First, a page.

Of course, to call him a "politician" is to diminish him. He was a folk hero. He was a perennial statewide candidate, running unsuccessfully for a variety of state offices, something which, for anyone else, would have made him a laughing stock. Instead, it only endeared him the more.
His signature cowboy hat and boots became a familiar sight to those who followed public affairs in Kentucky.
If you talked to the candidates who ran against him or anyone who ever had any dealings with him, the sentiment was the same. Everyone loved Gatewood. Anyone who saw him speak--and he was always the most entertaining speaker on any program--came away saying, "Well, I know he supports legalizing marijuana, but he's smart--and funny."
In fact, someone needs to go around and find out how many people--those you would least expect--secretly voted for Gatewood for Secretary of Agriculture, or Attorney General, or Governor. I'll be the first to step forward.
I did. And I'm proud of it.
Did he have some kooky positions? Sure he did. He was in favor of marijuana legalization, for example. But is that any less kooky than allowing commercials for prescription drugs in a country where prescription drug deaths are legion? He wasn't in favor marijuana legalization for some abstract political reason. He favored it because he saw its advocacy as a strike against the forces of what he called "synthetic subversion," his idea that we have moved from an authentic, agrarian culture to an artificial industrial society. Gatewood Gatewood was a unique amalgam of libertarian and traditionalist, champion of agrarian localism and individual freedom.
Here is an excerpt from his book that gives a taste of the sometimes kooky, but always good humored and largely serious beliefs:
But if you did not know me or what I stand for, and if I only had thirty seconds to get your vote, I would have only one question to ask you.
And if you answer this question one way, I’ve got your vote, no matter what else you think about me.
And if you answer this question the other way, I don’t think you understand the question.
The question is, ‘Did our forefathers’ generation hit the beaches of Normandy and Iwo Jima so that we would have to pee in a cup to hold a job in America?’
The introduction of the police state methods into American culture is fatal to our freedom. The solutions to our problems lie in the words of Thomas Jefferson and Abraham Lincoln not Mr. Yamamoto or Helmut Schmidt.
And let’s get this straight. I’m not a racist and I’m not xenophobic. I’m a Nationalist.
I’ll trade with other countries, I’ll have lunch with them and I’ll play golf with them. But until they adopt a Constitution and Bill of Rights that gives their own citizens the rights and freedoms we enjoy, they are not our political peers.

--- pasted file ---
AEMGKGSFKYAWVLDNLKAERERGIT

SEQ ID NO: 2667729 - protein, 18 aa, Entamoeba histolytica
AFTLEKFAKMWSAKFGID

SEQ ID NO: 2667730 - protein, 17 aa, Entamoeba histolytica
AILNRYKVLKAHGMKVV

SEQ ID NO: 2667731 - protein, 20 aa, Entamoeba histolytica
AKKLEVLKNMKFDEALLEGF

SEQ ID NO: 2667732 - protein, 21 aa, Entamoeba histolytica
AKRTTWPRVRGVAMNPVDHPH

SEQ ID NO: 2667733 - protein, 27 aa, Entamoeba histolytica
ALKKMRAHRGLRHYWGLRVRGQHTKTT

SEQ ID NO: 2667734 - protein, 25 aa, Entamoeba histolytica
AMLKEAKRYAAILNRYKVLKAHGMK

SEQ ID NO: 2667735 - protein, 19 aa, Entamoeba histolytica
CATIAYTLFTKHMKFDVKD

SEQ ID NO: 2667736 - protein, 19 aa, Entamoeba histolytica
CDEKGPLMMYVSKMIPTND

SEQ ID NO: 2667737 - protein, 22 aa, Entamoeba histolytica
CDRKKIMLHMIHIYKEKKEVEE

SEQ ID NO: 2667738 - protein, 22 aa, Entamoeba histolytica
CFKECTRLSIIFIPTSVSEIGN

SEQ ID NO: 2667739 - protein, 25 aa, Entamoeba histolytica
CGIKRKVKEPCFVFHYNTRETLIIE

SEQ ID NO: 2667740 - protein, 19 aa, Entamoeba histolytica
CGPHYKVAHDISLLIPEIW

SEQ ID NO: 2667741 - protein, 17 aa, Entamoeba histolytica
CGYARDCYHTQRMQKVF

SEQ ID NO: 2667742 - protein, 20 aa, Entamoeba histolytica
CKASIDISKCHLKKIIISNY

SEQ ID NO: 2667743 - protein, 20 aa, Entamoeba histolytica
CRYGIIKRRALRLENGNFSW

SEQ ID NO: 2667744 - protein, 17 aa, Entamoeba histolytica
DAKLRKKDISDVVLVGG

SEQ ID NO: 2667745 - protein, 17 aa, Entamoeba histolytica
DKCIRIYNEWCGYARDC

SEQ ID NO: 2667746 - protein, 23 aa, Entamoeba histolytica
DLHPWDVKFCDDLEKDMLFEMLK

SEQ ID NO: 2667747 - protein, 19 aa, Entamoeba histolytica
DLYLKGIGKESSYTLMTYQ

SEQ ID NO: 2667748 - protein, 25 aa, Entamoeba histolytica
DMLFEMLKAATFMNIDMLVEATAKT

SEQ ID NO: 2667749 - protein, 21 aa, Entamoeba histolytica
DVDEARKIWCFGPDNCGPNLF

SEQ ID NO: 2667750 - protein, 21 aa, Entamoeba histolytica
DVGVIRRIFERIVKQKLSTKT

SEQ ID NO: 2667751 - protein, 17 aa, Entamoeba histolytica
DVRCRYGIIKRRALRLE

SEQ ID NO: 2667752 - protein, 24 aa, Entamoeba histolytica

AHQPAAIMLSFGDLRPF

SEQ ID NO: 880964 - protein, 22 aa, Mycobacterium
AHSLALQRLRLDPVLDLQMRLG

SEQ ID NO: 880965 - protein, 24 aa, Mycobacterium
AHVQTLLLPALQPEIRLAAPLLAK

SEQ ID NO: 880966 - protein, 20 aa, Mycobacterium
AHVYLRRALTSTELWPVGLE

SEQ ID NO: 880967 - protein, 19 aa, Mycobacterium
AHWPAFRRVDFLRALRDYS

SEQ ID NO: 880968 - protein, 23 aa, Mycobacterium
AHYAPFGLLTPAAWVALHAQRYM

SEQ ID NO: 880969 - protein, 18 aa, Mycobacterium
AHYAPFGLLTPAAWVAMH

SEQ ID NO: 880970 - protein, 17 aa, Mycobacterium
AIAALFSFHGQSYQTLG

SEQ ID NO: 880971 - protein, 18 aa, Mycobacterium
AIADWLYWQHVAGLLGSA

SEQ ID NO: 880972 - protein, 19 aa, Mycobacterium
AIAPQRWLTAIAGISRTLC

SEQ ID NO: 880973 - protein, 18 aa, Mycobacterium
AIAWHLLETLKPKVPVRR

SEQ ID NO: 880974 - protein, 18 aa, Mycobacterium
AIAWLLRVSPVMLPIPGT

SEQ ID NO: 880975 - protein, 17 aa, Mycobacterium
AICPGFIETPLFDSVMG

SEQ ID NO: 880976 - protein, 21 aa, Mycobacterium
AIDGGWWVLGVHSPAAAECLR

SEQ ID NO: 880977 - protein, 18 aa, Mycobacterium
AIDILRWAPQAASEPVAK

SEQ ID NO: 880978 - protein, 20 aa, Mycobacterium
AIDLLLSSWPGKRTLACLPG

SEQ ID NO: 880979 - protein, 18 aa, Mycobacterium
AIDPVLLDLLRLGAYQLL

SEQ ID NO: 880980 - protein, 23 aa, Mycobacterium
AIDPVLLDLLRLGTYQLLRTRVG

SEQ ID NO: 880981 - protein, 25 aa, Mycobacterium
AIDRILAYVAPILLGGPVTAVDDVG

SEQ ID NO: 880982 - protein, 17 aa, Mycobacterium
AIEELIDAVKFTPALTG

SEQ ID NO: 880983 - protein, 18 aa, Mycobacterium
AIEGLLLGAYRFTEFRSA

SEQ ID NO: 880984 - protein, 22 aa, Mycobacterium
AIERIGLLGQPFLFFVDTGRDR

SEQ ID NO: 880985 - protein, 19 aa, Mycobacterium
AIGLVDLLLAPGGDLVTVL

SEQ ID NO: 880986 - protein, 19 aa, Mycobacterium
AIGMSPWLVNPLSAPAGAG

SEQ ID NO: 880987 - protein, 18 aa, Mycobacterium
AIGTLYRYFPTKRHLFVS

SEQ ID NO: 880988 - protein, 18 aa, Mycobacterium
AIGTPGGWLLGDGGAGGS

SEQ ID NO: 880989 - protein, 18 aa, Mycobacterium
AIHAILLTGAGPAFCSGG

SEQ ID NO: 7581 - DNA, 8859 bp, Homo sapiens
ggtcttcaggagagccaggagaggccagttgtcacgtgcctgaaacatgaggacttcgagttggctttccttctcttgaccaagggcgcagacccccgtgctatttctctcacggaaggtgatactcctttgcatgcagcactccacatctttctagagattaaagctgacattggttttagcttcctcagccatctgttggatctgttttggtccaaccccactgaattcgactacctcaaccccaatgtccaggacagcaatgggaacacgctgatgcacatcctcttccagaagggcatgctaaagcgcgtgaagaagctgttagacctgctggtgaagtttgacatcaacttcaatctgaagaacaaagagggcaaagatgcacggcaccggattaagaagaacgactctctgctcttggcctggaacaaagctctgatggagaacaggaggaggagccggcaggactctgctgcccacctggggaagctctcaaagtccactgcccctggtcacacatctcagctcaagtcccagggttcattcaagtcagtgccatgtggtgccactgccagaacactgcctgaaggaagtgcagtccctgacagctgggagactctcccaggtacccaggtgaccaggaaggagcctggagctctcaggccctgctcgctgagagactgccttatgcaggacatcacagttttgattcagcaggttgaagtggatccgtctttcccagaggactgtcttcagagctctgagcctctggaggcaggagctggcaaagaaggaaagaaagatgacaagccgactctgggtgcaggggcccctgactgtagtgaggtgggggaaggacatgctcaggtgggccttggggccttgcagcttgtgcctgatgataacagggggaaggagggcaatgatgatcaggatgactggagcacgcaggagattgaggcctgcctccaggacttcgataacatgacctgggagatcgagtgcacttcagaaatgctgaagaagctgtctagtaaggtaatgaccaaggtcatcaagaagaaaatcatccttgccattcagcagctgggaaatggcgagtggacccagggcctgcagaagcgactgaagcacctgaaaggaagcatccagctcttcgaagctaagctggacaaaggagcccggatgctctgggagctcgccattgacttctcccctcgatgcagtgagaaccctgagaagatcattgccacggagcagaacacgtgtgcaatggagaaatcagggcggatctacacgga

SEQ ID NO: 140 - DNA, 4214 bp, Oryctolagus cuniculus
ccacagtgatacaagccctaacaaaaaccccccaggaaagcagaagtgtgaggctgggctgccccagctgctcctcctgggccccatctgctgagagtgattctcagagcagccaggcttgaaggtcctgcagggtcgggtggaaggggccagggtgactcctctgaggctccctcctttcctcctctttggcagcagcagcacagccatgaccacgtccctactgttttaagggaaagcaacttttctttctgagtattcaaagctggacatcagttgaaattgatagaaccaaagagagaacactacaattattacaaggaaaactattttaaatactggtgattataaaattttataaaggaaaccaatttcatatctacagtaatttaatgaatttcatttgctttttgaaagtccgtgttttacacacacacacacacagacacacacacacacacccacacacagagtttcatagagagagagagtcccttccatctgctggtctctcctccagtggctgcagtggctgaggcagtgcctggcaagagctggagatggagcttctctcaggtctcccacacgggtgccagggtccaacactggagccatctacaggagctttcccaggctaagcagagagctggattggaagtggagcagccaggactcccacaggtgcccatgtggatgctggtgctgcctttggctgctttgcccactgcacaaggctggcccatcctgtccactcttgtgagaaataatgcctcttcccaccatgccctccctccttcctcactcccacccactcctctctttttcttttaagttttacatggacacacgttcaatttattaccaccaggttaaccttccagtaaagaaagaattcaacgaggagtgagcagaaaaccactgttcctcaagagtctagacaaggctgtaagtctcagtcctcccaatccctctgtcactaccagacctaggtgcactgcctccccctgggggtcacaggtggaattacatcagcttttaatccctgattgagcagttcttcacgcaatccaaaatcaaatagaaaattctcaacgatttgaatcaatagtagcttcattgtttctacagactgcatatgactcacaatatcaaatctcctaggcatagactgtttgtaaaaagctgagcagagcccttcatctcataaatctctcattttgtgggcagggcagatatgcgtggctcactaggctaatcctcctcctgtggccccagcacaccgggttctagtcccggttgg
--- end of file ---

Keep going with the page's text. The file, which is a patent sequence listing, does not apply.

If we abandon our principals of individual freedom and dignity, then our liberty and right to self-determination will abandon us. Our standard of living will fall and our jobs will evaporate as our children and grandchildren are thrown open to competition in the workplace with Four Billion other people on the planet, many of whom will work all day for a bowl of rice and a mat to sleep on.
That is not my vision for Kentucky and its citizens. My vision is rooted in the traditions of our Founding Fathers.
As to the size of government, Thomas Jefferson said, ‘The least government is the best government.’
As to the role of government, Abraham Lincoln said, ‘Prohibition strikes at the very heart of the principles on which this country was founded.’
And as far as having to pee in a cup to hold a job, I look to the words of General George Patton. ‘****** you Nazis!’I ran into him at one of former Gov. Brereton Jones' August picnics. I walked up and shook his hand and thanked him. I told him he forever won my gratitude for walking out in front of a float lying down in the road at a Fourth of July parade in Lexington that Mayor and former hippy Pam Miller had redesignated to also honor the United Nations. He was carried away to jail to the delight of the crowd.
One of the things I most admired about him is his willingness to go beyond a strict libertarian view of culture. He didn't champion a sterile, contentless freedom. His politics was a human politics, which is perhaps why, in recent years, he changed his pro-abortion position to a pro-life one on the issue of abortion.
Ask around Kentucky, and you will find that liberals, conservatives, and people of every political stripe had a great affection for this man. It's a shame to see him go.